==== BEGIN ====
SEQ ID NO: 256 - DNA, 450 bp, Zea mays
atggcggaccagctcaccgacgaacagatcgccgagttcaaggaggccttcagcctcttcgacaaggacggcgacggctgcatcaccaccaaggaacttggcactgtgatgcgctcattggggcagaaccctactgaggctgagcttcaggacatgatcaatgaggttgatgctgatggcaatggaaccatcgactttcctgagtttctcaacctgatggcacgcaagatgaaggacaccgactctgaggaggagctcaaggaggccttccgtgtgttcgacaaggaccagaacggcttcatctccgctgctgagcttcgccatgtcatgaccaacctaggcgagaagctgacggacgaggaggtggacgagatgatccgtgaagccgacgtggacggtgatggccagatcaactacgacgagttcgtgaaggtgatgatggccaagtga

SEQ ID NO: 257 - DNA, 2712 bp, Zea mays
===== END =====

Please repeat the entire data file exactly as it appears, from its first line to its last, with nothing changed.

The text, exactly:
SEQ ID NO: 256 - DNA, 450 bp, Zea mays
atggcggaccagctcaccgacgaacagatcgccgagttcaaggaggccttcagcctcttcgacaaggacggcgacggctgcatcaccaccaaggaacttggcactgtgatgcgctcattggggcagaaccctactgaggctgagcttcaggacatgatcaatgaggttgatgctgatggcaatggaaccatcgactttcctgagtttctcaacctgatggcacgcaagatgaaggacaccgactctgaggaggagctcaaggaggccttccgtgtgttcgacaaggaccagaacggcttcatctccgctgctgagcttcgccatgtcatgaccaacctaggcgagaagctgacggacgaggaggtggacgagatgatccgtgaagccgacgtggacggtgatggccagatcaactacgacgagttcgtgaaggtgatgatggccaagtga

SEQ ID NO: 257 - DNA, 2712 bp, Zea mays